Editorial: Pedestrian Crosswalk Signs and NCDOT in Carolina Beach

By / Editorials / Wednesday, 22 October 2014 04:00

By WILLARD KILLOUGH III
Managing Editor

The Carolina Beach Town Council recently approved lowering the speed limit on Lake Park Blvd from Sumter Avenue south of the Carolina Beach Lake, north to Saint Joseph Street. Much of that area is already 25mph until you reach the area around the Carolina Beach Lake where it's 35mph. It's a good move because motorists headed north on Lake Park Blvd travel through a curve in the road and coming out of that curve they encounter a crosswalk at Atlanta Avenue and Lake Park Blvd. A lower speed limit should in theory give driver's more time to process the situation and stop for people crossing in the crosswalk. It's the law. Vehicles must yield - or stop - for people crossing in a marked crosswalk.
The perplexing issue involves signs. Police Chief Ken Hinkle told the Council at their October 14th, meeting that due to an enormous rulebook the North Carolina Department of Transportation (NCDOT) uses, it's a frustrating process to get signs approved for placement on Lake Park Blvd.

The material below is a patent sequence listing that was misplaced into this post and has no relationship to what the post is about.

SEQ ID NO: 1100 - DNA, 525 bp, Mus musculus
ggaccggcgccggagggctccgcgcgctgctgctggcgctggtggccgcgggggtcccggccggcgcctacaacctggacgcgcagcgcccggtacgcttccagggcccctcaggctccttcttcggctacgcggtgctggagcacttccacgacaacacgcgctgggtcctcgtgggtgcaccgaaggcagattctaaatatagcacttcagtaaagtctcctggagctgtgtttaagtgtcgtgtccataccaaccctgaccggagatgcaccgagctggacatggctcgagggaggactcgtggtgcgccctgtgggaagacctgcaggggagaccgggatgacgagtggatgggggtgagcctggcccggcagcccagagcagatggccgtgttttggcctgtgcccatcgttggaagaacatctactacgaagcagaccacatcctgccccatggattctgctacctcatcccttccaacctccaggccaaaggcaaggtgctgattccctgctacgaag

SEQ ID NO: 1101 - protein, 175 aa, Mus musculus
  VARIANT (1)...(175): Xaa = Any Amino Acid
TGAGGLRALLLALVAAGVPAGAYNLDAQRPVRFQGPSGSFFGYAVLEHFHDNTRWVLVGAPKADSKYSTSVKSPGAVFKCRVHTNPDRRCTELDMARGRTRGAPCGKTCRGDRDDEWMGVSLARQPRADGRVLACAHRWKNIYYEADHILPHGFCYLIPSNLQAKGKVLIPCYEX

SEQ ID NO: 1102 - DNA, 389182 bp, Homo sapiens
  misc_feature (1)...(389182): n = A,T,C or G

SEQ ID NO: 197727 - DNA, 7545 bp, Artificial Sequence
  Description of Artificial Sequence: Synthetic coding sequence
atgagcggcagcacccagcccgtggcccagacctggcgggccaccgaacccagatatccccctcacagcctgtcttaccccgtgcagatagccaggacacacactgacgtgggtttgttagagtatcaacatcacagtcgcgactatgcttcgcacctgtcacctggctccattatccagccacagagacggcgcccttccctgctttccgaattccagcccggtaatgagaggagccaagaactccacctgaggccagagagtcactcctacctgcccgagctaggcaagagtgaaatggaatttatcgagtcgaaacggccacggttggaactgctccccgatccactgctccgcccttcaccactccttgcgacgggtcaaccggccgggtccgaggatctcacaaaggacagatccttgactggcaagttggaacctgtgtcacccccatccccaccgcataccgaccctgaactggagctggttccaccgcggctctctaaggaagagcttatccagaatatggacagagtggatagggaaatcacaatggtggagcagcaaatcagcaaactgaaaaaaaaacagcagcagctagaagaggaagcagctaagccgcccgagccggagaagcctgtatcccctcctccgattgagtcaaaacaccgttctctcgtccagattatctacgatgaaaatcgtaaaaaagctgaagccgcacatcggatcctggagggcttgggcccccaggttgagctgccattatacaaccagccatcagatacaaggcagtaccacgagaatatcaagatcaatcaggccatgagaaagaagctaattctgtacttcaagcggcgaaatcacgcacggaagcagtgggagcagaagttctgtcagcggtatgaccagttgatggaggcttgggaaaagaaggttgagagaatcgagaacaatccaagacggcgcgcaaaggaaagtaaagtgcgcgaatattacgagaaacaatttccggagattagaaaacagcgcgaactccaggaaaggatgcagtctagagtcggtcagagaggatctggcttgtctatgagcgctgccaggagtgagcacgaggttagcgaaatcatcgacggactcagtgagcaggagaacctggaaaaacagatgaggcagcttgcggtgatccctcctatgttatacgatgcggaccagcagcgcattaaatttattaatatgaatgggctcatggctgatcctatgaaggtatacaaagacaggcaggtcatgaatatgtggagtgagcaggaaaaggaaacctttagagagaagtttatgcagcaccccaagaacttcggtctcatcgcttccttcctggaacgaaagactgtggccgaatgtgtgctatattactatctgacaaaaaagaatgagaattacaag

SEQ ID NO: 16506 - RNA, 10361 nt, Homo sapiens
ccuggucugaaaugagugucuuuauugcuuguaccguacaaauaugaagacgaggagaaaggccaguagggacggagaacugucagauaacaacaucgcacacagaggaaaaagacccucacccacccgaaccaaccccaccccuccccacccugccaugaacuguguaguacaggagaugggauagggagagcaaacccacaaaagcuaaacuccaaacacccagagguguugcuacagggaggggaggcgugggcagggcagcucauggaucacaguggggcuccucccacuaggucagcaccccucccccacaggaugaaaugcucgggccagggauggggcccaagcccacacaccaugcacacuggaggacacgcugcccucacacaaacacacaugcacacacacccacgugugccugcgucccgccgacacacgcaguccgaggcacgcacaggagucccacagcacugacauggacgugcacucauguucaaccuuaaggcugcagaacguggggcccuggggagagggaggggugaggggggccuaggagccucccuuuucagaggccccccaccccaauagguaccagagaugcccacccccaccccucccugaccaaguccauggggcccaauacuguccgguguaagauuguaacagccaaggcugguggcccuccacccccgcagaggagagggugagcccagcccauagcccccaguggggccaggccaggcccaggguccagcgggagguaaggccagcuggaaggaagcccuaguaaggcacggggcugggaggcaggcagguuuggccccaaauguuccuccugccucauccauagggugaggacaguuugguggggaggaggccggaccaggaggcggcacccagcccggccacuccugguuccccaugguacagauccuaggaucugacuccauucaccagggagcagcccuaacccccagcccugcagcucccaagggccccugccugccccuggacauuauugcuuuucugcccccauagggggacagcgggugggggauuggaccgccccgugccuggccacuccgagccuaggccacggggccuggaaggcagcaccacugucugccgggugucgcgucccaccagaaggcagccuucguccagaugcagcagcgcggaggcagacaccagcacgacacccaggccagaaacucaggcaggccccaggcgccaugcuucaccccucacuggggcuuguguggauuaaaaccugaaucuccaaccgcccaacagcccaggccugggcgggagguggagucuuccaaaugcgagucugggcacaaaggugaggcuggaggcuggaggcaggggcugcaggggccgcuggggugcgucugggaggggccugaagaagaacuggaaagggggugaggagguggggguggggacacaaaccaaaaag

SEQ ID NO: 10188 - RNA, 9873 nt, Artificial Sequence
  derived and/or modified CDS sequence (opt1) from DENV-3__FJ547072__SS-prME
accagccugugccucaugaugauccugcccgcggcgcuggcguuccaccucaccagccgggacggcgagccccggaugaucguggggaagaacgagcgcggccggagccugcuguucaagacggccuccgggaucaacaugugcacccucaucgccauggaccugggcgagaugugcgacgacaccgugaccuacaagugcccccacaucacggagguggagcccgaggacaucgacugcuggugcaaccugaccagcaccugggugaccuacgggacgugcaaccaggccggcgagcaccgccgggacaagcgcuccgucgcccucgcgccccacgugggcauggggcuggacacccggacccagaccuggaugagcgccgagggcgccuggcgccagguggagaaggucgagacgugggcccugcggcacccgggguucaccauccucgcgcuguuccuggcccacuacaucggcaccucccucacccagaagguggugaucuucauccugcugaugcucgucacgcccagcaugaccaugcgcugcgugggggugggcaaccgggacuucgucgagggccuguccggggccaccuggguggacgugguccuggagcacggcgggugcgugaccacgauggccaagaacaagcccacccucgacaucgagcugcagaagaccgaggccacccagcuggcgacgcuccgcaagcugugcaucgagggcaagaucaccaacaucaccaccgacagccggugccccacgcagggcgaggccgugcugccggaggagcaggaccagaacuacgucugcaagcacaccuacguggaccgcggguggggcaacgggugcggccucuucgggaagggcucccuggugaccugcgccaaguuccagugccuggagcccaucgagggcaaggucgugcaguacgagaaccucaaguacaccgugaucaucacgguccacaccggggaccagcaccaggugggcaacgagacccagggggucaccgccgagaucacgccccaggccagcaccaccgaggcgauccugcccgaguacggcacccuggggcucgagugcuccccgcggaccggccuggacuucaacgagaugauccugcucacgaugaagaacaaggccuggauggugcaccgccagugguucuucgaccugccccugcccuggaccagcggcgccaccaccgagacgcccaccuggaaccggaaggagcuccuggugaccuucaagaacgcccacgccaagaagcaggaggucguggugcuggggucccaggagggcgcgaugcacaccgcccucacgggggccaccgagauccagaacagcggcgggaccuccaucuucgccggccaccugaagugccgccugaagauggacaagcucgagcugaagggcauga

Other ideas have been proposed such as installing a pedestrian island in the center of the road for the crosswalk as well as lighted signs. Mayor Dan Wilcox suggested the Town put up a sign near the bridge alerting drivers to stop at crosswalks. Town Manager Michael Cramer said it's an issue of getting NCDOT approval.
Council member Leann Pierce said she was almost run off the road by a vehicle a couple of weeks ago and said addressing tourists is one issue, but local citizens would pay attention if the Town sent out notices on crosswalk safety and laws.
Chief Hinkle said the department is working on distributing literature to hotels, motels and vacation rental companies to educate tourists. The issue is with alerting motorists with something other than white lines. Actually painting the words "Slow" and "Crosswalk Ahead" on the road surface will trigger most drivers to slow down and watch to yield for pedestrians.
NCDOT officials should lighten up on the rules governing signs and let the Town implement reasonable signs on the road in advance of crosswalk areas. A little common sense on the part of the NCDOT would help the situation.
Ironically, a number of years ago I wrote a report about NCDOT sandblasting crosswalk lines at intersections on Lake Park Blvd because they were a liability. Thankfully they have since changed their mind on that one.

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